Good Reads 05.27.15 (on: dealing with sin, the Christian and work, and teens and smartphones)

Here is a collection of good reads from various sites and blogs from this past week:

On dealing with sin in our lives: The Sins We Don’t Speak Of by Courtney Reissig (click here)

I don’t know what your forgotten, unspeakable sin is. But I know mine. I know that even after years of victory it can come back without any warning, reminding me that I am still in need of a great Savior.

On the Christian’s view of work: Christian, Your Job is a Ministry Job by Jon Bloom (click here)

In other words, Christians who serve in “secular” vocations are the ones who do most of the ministry and kingdom-expansion work that happens in the world. It’s the job of vocational ministers to equip these folks so they can do their various ministries effectively.

On the meaningful moments in life: The Fullness of Empty Spaces by Becky Wilson (click here)

Meaningful moments of fullness in all those empty spaces—each attached to a person, a relationship, in many cases someone I now consider family. Bitter to leave them? Well, sure. Of course. But how sweet of God to give them to me in the first place! And how sweet to know He wants to do it again!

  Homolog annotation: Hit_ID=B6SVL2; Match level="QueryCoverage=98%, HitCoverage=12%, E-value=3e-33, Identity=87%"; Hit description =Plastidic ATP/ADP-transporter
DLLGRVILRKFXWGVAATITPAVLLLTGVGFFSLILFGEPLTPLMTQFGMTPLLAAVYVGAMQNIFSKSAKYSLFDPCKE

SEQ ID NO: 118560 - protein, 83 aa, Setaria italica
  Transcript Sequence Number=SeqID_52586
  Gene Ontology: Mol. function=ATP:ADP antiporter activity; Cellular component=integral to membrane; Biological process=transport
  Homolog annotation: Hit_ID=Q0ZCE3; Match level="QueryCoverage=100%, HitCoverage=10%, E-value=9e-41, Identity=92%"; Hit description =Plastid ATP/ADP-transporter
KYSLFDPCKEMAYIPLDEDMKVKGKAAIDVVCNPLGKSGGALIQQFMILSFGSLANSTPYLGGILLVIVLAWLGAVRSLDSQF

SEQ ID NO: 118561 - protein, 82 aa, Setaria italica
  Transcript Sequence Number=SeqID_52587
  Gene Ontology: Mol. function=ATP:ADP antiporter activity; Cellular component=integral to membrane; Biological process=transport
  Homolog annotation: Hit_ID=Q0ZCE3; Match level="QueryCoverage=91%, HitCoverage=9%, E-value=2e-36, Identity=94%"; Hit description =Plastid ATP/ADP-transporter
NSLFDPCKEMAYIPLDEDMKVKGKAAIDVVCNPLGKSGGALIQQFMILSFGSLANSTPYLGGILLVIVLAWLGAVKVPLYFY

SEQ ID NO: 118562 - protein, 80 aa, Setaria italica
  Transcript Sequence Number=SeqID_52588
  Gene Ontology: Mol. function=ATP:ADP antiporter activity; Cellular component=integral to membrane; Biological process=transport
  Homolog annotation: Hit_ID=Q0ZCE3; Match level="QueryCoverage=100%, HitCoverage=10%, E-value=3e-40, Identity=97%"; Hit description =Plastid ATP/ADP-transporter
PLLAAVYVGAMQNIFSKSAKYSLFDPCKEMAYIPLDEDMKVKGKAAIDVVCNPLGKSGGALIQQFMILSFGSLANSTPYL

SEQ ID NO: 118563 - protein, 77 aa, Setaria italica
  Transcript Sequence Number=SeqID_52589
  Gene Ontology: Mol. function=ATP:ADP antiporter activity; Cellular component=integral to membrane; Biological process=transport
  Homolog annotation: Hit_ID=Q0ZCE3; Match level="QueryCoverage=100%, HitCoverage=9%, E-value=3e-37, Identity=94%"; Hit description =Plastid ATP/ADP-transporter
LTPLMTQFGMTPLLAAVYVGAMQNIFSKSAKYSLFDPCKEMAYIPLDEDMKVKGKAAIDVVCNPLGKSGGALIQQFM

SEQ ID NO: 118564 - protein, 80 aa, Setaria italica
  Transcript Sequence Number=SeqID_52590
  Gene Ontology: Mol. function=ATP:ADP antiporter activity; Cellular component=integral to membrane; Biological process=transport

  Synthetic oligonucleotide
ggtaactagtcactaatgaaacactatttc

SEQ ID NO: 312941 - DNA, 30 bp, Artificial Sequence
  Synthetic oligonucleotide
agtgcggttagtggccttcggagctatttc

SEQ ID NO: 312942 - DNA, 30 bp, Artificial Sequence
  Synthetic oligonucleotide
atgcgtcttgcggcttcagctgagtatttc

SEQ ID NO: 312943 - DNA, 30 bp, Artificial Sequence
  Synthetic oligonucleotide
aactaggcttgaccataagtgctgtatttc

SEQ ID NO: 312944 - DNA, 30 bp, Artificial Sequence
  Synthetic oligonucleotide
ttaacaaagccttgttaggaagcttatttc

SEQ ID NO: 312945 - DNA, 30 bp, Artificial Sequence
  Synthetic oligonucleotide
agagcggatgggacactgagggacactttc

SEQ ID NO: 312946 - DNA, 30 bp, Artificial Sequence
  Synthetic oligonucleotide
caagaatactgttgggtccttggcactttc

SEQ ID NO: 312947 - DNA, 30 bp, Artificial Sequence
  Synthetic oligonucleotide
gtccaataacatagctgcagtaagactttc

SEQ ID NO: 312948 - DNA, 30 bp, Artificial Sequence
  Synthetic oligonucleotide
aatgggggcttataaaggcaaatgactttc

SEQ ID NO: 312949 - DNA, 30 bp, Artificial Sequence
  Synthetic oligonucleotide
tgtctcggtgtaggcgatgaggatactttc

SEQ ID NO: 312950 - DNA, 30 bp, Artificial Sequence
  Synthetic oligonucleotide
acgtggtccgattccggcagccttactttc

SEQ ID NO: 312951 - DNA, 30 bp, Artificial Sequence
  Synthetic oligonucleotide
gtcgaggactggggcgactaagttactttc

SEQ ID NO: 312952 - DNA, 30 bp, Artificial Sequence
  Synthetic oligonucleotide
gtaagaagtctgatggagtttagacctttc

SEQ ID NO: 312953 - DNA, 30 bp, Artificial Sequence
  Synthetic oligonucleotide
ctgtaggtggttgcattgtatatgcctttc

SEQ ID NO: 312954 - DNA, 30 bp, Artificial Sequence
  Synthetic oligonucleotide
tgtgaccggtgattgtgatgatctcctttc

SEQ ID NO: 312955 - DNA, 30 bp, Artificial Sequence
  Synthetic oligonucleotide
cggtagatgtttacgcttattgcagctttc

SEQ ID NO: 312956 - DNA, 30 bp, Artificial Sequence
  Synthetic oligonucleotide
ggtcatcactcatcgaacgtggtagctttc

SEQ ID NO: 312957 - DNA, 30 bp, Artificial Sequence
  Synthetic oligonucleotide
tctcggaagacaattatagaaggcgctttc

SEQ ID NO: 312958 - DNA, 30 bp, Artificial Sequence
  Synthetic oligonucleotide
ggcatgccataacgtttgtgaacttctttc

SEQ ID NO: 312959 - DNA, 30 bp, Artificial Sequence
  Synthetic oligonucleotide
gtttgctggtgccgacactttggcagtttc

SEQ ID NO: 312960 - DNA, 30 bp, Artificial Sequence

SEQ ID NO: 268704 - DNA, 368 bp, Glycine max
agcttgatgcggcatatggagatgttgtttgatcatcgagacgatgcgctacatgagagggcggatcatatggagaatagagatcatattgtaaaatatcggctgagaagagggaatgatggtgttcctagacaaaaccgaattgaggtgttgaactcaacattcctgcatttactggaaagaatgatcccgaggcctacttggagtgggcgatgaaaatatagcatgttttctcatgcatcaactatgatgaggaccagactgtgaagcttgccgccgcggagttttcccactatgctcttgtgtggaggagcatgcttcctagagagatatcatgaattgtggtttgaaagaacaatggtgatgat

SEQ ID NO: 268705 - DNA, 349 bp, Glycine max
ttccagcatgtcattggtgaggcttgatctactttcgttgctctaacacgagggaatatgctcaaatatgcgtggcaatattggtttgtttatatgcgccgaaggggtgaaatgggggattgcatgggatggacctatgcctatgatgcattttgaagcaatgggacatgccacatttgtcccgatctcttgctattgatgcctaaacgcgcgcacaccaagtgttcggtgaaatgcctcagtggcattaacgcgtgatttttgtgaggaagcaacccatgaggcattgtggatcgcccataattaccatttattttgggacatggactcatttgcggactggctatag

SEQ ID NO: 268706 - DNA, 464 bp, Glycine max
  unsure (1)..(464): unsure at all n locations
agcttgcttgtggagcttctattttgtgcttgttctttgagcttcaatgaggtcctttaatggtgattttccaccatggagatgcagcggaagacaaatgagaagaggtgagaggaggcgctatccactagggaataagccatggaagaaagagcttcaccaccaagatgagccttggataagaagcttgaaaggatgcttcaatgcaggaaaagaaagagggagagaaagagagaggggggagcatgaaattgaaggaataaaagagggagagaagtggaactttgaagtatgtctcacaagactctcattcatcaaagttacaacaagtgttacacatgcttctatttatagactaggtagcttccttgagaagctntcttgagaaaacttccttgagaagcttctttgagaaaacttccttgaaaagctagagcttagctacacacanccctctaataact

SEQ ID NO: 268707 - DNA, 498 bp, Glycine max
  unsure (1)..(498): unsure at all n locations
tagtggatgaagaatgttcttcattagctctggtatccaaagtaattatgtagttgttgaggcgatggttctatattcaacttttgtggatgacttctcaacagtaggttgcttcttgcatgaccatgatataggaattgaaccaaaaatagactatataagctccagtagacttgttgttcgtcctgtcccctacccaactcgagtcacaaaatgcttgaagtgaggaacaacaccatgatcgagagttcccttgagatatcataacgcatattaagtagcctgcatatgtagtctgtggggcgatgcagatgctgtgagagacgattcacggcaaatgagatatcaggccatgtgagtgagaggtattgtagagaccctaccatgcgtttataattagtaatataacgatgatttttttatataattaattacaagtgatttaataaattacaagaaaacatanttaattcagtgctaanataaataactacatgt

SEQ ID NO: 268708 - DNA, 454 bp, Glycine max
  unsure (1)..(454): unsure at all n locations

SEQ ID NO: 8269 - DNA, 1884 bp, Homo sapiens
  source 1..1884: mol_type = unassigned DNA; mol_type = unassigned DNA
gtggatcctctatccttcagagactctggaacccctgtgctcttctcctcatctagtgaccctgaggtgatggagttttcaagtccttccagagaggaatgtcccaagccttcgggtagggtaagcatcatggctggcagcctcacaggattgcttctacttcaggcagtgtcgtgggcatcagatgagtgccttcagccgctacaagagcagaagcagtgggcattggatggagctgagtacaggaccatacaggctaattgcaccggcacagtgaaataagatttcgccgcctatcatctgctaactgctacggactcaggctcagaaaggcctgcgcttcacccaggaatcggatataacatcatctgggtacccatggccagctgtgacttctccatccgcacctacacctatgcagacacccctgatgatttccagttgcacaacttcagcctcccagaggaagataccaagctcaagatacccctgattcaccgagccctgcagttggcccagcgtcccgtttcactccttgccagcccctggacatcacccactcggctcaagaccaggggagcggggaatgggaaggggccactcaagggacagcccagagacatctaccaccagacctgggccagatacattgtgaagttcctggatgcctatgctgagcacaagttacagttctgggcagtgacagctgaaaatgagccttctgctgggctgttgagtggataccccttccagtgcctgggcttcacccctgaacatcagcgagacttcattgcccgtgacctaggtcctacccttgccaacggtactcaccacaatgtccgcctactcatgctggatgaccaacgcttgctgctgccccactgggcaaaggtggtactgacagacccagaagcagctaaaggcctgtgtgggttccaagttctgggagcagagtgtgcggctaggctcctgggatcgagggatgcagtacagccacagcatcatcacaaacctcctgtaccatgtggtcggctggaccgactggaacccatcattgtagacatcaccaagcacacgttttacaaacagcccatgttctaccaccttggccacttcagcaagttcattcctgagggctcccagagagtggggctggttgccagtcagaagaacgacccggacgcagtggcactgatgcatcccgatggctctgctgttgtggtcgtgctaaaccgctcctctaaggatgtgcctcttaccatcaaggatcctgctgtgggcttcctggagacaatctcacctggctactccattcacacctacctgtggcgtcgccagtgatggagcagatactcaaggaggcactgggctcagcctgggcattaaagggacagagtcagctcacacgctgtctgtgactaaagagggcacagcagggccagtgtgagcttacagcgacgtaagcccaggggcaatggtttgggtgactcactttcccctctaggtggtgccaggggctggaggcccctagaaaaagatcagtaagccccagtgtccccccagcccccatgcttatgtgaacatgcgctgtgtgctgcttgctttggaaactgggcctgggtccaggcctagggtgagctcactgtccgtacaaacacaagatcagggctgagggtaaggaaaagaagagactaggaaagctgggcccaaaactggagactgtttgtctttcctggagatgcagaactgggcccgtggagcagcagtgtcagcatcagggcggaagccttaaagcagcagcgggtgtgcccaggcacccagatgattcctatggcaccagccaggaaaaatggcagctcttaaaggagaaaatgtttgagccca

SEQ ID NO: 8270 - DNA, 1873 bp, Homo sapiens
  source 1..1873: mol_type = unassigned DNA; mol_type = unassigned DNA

On teenagers and smartphones: Letter to Teens Unboxing Their First Smartphone by Tim Challies (click here)

Technology is a gift from God. When we read the Bible, we find that at the beginning of time, God created two people, naked and alone in a little garden, and gave them a worldwide task: to spread out across this world and exercise dominion over it. In order to do that, they would need to invent technologies…. Unfortunately, there is far more to the story.

About hypocrisy and honesty: The Cure for Hypocrisy by Tyler Edwards (click here)

But, the reality is, we’re not hypocrites because of what we say or because of what we do—we’re hypocrites when we hide our faults and try to act like we’ve got it all figured out. It’s easy to fall into this trap. Sometimes we start to think that God’s love is based on our performance. How often do we get in the car on Sunday morning and everyone’s fighting and yelling. From our house to the church it’s chaos, but when we walk through the doors, we are suddenly transformed from Mad Max in the Thunderdome to the Brady Bunch.

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